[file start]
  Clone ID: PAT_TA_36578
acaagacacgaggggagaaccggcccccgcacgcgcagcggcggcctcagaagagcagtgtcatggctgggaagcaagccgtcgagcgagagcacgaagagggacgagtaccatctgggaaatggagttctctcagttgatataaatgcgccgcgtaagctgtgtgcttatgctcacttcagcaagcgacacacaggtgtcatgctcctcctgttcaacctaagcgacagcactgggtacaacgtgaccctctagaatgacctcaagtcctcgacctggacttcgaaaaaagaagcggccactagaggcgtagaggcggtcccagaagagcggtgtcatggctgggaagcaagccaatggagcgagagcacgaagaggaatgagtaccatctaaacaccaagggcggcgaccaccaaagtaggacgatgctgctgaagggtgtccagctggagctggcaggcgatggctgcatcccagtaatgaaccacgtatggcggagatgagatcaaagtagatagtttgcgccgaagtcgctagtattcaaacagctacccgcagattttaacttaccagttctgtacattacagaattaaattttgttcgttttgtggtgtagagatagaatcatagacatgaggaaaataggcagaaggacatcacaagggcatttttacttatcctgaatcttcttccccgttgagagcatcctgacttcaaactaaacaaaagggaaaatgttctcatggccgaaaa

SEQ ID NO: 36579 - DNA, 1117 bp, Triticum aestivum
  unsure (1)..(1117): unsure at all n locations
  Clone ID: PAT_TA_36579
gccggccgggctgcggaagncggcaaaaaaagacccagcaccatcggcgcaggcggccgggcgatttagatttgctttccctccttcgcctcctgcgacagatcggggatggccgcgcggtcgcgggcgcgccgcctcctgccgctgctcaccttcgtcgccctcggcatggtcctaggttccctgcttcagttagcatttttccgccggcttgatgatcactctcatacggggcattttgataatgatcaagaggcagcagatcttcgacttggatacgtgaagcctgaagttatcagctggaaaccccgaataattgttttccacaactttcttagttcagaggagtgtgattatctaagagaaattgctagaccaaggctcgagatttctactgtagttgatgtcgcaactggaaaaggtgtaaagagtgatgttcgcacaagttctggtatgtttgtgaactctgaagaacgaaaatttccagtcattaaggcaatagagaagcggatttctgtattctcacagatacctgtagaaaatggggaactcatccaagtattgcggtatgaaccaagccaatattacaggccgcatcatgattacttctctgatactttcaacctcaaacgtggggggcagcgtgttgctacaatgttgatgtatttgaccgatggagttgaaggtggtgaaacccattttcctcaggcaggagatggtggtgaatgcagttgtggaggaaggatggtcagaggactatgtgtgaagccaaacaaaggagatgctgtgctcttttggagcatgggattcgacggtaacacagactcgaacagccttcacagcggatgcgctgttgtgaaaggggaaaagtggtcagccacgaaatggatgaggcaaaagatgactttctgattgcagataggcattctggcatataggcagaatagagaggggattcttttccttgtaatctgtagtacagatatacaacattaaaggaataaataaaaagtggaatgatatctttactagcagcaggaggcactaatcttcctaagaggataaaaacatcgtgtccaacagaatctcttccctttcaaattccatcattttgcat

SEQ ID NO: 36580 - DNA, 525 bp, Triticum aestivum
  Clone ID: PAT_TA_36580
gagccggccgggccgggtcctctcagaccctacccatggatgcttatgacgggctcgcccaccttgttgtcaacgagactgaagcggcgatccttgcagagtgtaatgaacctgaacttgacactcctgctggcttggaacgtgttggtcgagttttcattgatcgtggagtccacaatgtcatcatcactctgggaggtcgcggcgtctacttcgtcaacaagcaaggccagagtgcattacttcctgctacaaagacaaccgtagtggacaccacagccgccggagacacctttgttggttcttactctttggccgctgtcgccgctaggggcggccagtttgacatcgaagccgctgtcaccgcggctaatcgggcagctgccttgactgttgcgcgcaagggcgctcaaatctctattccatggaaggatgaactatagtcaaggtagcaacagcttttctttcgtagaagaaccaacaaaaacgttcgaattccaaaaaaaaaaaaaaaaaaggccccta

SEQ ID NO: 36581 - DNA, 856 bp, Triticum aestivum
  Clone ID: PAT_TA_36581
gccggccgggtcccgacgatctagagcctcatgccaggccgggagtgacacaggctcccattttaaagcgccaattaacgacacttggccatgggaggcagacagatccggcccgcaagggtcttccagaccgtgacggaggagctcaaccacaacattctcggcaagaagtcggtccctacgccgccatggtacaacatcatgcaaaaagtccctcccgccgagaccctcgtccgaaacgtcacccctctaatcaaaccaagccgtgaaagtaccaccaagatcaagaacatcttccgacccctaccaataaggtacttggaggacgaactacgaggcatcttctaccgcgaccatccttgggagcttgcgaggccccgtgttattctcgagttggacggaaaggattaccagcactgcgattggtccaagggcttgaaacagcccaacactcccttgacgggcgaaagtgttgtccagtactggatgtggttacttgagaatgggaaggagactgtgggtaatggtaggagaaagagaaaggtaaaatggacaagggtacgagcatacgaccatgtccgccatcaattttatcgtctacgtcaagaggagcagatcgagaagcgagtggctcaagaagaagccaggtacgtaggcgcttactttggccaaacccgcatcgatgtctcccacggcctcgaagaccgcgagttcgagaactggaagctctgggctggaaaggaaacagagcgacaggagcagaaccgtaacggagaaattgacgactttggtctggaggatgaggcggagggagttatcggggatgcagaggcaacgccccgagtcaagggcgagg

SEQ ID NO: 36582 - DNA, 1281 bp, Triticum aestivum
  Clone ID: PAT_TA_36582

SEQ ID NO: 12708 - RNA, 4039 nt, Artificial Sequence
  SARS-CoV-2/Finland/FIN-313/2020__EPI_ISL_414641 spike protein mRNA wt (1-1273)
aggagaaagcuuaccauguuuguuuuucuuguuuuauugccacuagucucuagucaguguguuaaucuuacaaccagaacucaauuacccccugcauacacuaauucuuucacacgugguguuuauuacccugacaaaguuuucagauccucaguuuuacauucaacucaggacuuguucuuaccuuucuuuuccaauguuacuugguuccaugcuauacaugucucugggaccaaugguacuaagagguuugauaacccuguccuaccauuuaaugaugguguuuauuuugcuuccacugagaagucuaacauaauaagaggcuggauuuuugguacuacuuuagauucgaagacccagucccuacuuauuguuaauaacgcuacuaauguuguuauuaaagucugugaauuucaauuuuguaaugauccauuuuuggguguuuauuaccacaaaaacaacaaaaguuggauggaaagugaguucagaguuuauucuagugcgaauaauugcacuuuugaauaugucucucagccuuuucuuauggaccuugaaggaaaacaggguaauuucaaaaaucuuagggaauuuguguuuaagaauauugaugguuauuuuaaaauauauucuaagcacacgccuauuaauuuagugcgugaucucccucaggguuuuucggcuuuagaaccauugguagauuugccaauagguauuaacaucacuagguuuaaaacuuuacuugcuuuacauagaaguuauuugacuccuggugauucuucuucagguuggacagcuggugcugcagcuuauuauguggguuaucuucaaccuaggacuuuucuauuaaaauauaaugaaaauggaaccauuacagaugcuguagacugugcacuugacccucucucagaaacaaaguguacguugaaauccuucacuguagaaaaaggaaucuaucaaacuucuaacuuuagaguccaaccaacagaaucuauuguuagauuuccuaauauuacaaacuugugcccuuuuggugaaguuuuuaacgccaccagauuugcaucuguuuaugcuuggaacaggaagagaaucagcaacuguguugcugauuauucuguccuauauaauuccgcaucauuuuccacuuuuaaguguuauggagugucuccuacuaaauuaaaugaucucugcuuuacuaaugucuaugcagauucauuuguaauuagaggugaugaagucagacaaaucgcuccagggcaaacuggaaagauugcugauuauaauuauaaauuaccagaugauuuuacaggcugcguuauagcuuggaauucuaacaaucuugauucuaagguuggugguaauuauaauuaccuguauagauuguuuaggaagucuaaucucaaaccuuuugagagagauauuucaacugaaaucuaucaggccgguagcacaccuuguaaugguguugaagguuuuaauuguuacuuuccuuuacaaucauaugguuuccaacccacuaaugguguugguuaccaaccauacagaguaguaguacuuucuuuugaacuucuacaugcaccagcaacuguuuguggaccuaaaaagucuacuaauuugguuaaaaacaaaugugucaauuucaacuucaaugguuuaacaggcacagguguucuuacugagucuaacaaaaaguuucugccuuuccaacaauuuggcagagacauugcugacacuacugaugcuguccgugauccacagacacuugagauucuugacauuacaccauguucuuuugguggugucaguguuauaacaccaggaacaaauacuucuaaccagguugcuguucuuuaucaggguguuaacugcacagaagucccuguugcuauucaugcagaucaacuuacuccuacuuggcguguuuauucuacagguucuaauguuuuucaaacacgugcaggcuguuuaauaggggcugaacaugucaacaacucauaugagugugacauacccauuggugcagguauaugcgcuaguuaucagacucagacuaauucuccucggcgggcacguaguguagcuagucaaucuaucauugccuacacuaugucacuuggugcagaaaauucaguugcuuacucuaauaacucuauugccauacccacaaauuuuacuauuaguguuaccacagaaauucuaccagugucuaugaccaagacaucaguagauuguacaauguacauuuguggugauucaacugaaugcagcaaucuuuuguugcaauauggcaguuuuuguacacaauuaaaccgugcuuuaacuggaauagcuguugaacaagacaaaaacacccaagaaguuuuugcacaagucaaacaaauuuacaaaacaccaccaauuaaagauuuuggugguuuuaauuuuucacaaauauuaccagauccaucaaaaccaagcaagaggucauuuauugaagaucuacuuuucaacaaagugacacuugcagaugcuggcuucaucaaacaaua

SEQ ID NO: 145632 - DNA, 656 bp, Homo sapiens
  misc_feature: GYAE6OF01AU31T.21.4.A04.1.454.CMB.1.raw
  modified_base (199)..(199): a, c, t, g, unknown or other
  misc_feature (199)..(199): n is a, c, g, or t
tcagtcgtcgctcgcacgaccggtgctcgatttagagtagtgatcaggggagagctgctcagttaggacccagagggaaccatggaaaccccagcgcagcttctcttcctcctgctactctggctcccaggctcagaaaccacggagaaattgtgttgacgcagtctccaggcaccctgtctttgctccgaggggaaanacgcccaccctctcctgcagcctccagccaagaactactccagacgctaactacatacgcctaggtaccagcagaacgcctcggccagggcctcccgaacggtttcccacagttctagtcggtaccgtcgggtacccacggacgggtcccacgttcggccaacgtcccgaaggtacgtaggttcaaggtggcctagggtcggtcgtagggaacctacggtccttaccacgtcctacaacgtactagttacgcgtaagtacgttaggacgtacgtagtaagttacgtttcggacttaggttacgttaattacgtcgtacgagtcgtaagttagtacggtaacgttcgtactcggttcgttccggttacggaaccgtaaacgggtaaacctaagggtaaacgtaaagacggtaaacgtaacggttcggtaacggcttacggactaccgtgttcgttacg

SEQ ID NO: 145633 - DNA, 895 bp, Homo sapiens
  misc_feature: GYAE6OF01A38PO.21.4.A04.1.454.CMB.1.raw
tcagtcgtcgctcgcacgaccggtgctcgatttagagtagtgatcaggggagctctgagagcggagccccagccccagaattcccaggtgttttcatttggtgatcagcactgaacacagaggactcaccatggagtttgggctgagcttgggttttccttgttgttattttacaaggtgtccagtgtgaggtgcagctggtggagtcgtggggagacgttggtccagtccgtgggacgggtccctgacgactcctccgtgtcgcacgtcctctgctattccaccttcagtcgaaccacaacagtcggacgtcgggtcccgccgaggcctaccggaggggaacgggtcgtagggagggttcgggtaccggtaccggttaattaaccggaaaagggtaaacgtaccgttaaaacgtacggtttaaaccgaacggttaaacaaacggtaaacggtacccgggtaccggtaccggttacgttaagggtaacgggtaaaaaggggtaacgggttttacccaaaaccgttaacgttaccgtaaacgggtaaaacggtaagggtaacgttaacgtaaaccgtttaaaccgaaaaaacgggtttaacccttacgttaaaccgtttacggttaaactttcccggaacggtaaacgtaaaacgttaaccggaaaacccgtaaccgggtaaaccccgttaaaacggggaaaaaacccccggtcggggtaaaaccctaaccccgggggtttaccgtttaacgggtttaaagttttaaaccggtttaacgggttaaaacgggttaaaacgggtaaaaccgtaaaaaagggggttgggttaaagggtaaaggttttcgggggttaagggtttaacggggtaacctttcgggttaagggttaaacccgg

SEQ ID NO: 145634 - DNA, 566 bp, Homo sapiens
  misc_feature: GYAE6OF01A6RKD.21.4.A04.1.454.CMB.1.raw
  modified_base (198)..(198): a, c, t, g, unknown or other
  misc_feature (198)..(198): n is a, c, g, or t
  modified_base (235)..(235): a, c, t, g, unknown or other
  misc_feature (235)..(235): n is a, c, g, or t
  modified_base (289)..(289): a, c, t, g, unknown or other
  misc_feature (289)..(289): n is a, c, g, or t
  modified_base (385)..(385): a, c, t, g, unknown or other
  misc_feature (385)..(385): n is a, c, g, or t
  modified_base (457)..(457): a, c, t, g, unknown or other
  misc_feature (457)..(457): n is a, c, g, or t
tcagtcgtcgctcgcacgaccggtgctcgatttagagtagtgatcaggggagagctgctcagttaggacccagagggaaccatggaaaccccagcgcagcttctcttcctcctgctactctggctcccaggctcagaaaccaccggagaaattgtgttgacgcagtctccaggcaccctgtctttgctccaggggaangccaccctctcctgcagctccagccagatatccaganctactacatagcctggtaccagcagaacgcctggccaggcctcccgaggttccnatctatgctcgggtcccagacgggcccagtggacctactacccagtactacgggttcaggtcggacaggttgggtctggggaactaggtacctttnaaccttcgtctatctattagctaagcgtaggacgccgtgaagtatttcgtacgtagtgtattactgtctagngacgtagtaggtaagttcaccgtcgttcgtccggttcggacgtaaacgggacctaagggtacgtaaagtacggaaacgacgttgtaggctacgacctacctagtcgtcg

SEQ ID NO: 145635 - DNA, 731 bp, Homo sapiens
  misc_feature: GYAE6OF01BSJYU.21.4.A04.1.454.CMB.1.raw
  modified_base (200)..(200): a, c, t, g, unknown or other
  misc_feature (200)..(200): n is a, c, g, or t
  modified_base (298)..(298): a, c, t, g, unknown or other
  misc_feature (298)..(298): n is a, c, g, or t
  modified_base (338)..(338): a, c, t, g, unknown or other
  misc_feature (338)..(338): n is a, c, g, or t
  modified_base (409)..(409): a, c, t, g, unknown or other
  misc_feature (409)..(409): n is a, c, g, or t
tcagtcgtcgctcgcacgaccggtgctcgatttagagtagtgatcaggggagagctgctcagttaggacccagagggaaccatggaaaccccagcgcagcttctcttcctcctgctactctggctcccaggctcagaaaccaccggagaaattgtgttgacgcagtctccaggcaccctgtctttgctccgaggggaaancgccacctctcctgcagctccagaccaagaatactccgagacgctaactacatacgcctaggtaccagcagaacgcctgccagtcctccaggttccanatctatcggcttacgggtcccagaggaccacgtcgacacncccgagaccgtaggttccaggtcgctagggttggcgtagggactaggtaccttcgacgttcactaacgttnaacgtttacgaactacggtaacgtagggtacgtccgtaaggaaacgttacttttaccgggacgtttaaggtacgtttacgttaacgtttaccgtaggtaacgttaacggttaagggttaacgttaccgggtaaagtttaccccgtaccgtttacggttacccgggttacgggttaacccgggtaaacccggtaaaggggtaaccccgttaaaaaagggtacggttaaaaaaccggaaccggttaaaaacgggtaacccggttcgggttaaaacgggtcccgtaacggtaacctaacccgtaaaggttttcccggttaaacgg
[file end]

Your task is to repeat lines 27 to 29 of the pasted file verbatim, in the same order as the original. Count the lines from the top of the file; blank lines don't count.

  misc_feature: GYAE6OF01A6RKD.21.4.A04.1.454.CMB.1.raw
  modified_base (198)..(198): a, c, t, g, unknown or other
  misc_feature (198)..(198): n is a, c, g, or t